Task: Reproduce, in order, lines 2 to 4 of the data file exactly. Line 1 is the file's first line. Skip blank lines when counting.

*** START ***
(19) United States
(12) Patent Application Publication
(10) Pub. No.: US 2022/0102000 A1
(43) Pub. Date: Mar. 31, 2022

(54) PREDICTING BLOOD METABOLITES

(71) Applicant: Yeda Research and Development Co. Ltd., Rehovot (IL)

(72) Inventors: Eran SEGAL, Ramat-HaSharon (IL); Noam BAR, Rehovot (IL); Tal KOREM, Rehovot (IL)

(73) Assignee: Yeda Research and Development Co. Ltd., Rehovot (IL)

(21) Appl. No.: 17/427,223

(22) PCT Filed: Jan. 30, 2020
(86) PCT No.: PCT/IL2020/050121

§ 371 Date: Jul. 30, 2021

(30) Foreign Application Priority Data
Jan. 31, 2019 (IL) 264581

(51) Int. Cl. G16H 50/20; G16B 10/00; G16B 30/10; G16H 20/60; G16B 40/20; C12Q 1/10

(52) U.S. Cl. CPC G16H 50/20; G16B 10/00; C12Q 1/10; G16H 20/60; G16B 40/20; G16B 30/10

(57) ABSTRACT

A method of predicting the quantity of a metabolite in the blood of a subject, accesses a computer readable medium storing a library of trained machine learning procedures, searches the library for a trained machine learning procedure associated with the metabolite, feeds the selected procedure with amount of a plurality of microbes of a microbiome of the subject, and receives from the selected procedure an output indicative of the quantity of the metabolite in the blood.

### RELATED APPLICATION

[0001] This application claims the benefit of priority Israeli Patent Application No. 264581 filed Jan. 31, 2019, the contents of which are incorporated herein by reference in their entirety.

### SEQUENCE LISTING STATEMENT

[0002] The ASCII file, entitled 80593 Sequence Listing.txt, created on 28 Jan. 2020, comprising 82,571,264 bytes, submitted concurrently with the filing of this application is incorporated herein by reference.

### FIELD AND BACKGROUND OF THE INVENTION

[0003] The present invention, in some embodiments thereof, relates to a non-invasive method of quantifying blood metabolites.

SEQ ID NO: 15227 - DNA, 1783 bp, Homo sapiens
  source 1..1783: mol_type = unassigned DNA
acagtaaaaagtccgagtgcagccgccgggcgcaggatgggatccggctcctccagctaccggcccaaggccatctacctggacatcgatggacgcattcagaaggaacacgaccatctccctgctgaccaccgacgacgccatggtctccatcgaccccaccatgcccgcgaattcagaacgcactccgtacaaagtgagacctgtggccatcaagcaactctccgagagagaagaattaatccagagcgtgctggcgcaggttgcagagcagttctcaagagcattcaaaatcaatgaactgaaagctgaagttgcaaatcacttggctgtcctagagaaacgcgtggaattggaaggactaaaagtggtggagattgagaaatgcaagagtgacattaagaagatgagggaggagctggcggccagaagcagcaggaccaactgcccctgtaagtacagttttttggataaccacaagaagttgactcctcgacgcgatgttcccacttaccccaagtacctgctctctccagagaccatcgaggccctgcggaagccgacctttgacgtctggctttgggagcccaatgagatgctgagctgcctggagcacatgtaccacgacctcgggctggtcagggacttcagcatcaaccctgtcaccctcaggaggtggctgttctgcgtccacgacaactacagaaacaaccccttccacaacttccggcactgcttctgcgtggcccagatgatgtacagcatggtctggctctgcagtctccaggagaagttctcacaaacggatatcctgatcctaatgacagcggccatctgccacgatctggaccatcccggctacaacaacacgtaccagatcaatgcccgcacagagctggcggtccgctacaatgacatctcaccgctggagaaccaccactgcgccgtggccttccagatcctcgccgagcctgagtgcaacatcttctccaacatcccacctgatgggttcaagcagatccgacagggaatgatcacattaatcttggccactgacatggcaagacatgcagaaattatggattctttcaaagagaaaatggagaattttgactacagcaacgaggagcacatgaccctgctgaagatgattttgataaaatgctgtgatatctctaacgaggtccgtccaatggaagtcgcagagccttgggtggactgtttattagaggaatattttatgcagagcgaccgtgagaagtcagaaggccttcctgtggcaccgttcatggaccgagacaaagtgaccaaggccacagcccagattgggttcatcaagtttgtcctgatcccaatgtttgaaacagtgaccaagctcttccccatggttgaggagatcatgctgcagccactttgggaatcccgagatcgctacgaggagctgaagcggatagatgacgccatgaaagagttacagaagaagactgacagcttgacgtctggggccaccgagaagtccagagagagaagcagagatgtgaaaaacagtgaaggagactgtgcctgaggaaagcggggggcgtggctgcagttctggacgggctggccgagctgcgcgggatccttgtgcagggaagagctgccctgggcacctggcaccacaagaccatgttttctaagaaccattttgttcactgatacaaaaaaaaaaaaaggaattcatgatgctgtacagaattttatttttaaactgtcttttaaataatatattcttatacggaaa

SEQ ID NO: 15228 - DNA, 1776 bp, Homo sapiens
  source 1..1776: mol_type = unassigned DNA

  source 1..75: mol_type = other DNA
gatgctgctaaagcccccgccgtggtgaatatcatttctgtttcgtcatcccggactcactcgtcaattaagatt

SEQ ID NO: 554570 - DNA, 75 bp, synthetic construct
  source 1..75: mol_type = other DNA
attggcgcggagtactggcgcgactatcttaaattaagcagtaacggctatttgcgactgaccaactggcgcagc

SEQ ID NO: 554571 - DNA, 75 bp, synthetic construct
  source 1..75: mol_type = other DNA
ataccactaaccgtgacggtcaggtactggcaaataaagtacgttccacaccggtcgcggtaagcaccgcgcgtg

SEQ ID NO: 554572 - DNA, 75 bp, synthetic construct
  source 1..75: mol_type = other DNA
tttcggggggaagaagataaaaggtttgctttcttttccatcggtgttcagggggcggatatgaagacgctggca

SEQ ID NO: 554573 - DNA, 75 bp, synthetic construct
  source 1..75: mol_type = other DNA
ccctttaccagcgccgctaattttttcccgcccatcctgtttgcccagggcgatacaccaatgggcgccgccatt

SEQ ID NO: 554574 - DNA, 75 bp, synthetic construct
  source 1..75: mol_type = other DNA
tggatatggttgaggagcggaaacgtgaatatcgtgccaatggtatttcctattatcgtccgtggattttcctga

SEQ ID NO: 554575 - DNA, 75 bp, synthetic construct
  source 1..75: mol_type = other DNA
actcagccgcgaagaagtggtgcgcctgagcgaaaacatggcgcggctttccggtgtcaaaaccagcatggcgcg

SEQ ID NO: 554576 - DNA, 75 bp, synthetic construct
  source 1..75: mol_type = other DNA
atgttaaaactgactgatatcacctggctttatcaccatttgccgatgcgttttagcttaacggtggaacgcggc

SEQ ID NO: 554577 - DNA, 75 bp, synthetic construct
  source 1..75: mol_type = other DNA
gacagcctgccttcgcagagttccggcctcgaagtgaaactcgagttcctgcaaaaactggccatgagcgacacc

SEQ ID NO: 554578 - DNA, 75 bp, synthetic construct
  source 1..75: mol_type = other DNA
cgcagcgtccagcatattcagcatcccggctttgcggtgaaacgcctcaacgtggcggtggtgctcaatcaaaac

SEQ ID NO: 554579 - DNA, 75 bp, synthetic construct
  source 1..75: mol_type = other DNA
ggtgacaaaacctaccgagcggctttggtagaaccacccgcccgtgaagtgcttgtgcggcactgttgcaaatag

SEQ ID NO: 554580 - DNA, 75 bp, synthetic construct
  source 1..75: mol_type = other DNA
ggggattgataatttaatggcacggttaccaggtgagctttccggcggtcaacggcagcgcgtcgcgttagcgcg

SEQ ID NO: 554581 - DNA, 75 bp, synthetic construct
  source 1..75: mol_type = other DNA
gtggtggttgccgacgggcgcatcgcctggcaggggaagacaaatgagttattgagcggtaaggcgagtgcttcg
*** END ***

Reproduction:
(12) Patent Application Publication
(10) Pub. No.: US 2022/0102000 A1
(43) Pub. Date: Mar. 31, 2022